Brandi Jasmine only has a few teeth left — some molars and a handful of front teeth, chipped and stained. The pain they cause is piercing, flaring up when she eats, laughs, even when a cold breeze hits.

"I won't even be able to think," she told The Current. "The pain will be so bad that I won't be able to get anything done."

The Welland, Ont., artist still needs to get five or six pulled, leaving her with fewer teeth. But being self-employed, she can't even afford to get one pulled.

So she's become her own dentist; shaping putty-like plastic into a temporary cap. It prevents a sharp tooth from grinding and cutting the inside of her cheek.

Brandi Jasmine cap

Jasmine said her dentist was very impressed when he saw the cap she made. 'I'm an artist and this sounds so arrogant to say but I'm very clever at finding my own solutions.' (Submitted by Brandi Jasmine)

She pops it out and brushes it to keep it clean.

"I just don't understand why people are suffering like this for the want of something so simple as a tooth extraction," Jasmine said. "I'm not asking for root canals and Hollywood teeth here. I'm just asking, please God, can I get these teeth out of my mouth?"

Dental as health care?

Jasmine is among the nearly one-third of Canadians without dental insurance. Unlike health care, dental is mostly covered by private insurance. And that barrier is causing all sorts of bad teeth.

Medicaid Children Dental

Children and youth are among the most vulnerable for dental care, which is why many publicly funded, more universal models around the world cater to them. Certain coverage is also available for kids in Quebec, Ontario, Nova Scotia, P.E.I. and Newfoundland. (Michael Conroy/Associated Press)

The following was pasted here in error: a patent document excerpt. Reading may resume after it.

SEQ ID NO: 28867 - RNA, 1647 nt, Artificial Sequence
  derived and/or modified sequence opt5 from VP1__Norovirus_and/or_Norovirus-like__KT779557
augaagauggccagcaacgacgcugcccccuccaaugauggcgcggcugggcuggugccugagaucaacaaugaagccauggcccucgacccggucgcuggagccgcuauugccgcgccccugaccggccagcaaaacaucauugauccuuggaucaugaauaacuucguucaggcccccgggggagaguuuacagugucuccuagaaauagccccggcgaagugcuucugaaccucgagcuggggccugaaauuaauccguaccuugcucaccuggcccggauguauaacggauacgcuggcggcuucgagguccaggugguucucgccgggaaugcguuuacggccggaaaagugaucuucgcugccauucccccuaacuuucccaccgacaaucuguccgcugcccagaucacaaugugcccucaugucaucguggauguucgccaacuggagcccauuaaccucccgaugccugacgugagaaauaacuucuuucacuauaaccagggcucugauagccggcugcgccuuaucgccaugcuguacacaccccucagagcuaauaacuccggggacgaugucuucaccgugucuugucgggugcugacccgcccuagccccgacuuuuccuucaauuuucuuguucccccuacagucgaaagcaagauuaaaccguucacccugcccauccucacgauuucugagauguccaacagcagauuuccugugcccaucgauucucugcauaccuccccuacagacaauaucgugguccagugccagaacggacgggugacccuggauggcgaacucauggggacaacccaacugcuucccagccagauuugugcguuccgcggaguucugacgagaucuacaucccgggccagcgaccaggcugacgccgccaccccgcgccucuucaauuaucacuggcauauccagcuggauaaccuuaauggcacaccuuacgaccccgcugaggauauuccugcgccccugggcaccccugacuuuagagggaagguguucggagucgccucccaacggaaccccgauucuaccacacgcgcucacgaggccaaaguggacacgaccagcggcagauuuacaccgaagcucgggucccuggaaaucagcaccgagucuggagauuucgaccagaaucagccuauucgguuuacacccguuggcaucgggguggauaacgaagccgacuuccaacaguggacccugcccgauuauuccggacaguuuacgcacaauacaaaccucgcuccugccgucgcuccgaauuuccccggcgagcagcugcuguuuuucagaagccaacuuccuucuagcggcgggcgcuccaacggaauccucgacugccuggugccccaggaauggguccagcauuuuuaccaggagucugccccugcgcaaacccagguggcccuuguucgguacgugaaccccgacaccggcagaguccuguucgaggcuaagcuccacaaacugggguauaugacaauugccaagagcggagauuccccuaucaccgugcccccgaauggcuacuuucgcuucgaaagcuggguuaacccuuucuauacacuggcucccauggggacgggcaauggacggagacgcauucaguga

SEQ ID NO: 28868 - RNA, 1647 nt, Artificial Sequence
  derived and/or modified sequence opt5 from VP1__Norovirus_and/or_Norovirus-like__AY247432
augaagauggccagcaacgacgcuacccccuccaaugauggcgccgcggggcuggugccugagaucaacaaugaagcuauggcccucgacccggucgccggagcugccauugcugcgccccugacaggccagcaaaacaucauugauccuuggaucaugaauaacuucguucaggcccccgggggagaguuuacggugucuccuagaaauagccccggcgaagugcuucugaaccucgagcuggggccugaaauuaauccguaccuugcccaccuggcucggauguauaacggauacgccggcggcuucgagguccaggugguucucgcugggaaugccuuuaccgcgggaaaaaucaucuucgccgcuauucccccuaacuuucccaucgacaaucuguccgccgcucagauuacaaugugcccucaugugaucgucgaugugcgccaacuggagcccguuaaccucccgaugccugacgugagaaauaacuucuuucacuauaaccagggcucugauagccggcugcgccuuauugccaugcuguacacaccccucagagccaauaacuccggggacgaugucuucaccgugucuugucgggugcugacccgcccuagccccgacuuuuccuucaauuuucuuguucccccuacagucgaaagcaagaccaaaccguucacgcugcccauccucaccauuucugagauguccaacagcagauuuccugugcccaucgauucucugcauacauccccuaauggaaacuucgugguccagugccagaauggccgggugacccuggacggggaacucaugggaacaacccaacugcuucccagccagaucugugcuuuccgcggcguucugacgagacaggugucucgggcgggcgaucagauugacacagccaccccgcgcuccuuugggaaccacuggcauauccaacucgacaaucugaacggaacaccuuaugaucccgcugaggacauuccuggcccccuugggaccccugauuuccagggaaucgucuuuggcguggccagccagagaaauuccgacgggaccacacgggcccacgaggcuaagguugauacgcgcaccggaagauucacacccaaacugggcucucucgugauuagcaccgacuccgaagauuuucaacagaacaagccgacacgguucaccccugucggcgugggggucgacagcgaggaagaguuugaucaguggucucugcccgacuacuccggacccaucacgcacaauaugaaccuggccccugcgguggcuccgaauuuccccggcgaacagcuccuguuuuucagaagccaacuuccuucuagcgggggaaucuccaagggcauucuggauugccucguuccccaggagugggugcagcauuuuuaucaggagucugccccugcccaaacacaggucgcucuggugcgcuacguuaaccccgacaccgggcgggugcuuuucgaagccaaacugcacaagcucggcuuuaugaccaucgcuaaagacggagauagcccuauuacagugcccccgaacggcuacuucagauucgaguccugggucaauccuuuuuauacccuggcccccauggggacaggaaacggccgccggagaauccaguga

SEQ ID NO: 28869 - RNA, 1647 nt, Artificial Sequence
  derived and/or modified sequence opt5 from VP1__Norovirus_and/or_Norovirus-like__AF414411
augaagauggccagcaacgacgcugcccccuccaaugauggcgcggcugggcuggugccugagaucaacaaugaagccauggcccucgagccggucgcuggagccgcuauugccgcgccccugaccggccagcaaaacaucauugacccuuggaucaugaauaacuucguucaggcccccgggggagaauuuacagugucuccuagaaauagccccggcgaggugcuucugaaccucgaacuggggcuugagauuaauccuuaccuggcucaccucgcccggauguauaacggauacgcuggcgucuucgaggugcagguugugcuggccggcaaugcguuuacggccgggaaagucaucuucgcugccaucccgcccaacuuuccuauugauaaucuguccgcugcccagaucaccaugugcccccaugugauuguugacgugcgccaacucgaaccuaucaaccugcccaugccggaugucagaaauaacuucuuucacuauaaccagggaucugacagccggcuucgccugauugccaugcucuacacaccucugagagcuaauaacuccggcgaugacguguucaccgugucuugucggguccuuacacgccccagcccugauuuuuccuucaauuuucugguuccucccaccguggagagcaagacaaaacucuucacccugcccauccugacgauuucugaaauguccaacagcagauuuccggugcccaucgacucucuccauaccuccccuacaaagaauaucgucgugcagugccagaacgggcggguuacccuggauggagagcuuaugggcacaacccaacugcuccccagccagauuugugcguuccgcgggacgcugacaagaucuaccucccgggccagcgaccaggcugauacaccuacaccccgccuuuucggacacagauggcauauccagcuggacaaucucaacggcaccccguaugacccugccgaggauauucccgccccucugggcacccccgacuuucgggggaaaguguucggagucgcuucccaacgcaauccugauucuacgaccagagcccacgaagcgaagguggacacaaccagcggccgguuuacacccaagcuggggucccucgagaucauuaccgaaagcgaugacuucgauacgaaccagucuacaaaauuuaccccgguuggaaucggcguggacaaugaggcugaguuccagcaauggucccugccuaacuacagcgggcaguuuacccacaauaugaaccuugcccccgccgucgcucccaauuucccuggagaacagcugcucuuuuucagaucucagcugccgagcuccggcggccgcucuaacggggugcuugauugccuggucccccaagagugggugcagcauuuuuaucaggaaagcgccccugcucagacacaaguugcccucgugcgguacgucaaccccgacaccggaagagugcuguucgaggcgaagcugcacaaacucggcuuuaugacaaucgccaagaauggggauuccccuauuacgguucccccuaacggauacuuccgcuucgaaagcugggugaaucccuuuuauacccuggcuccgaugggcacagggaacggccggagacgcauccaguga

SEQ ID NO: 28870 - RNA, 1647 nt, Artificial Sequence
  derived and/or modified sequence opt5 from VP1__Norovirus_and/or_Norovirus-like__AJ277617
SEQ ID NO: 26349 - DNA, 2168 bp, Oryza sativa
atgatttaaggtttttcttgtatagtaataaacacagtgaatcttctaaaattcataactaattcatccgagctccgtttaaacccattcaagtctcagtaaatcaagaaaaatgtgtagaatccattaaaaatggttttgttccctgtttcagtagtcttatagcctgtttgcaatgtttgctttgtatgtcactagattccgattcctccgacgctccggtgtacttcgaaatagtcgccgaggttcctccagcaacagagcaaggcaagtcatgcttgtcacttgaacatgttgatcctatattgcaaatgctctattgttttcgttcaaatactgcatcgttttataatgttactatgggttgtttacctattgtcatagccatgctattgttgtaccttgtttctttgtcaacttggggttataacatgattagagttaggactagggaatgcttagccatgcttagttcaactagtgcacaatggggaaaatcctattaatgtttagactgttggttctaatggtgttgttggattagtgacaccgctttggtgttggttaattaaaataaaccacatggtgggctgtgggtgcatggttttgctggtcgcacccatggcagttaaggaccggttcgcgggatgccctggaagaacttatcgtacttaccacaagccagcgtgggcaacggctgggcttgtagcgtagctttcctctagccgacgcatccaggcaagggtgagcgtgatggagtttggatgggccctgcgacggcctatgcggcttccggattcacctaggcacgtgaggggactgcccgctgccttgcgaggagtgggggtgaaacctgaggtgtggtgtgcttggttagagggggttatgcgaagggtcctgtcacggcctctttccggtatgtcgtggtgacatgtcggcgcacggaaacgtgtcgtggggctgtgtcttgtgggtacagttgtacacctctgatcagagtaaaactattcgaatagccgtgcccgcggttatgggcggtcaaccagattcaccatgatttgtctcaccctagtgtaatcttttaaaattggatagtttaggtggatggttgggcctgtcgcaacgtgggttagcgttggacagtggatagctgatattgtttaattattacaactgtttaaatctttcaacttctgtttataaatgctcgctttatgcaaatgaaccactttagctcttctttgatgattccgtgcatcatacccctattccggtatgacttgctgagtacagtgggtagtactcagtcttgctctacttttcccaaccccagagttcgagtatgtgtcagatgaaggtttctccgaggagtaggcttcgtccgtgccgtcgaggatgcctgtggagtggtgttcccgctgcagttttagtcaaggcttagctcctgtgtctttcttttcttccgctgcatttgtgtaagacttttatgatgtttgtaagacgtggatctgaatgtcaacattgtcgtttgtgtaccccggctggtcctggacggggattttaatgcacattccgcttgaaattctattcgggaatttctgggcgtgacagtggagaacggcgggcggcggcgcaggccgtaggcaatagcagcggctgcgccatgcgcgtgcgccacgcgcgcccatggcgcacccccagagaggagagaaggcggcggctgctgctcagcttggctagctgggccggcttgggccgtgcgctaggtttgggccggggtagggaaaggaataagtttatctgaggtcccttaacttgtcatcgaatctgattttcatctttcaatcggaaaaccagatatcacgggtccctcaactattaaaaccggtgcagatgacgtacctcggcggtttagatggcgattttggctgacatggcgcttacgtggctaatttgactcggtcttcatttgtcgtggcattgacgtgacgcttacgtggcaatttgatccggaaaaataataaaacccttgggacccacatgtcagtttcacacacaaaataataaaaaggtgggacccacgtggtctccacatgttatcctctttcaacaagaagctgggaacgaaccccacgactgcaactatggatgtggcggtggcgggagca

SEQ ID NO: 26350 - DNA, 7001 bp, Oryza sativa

Hasan Sheikh, an emergency room doctor for Toronto's University Health Network, said he sees a few patients a week coming in with dental issues — including low-income patients, those on disability and seniors, all without coverage.

"They have nowhere else to go," he said. "We don't have really anything to offer these patients and we feel like we're not doing right by them." There were around 58,000 dental trips to Ontario emergency rooms in 2012, according to a Association of Ontario Health Centres report, costing at least $30 million.

The solution, Sheikh believes, is bringing dental care under the umbrella of Canada's publicly funded healthcare system. Public spending on dental care in Canada sits at just 6.2 per cent; it is mainly covered by private insurance or out-of-pocket.

Country comparison: government contribution to total annual spending on dental care

6.2%
Canada
7.9%
U.S.
79%
Finland

Source: Canadian Academy of Health Sciences

There are a few countries with more-universal, wide-ranging public dental coverage: Austria, Germany, Mexico, Poland and Turkey, among others. And even then, some dental procedures are covered and others — like crowns and implants — aren't necessarily.

The model varies between Canadian provinces and territories, with some covering dental bills for kids and seniors. Sheikh suggests widening the programs that so all children, seniors and patients with low income are covered across the country — he calls these groups the "biggest holes."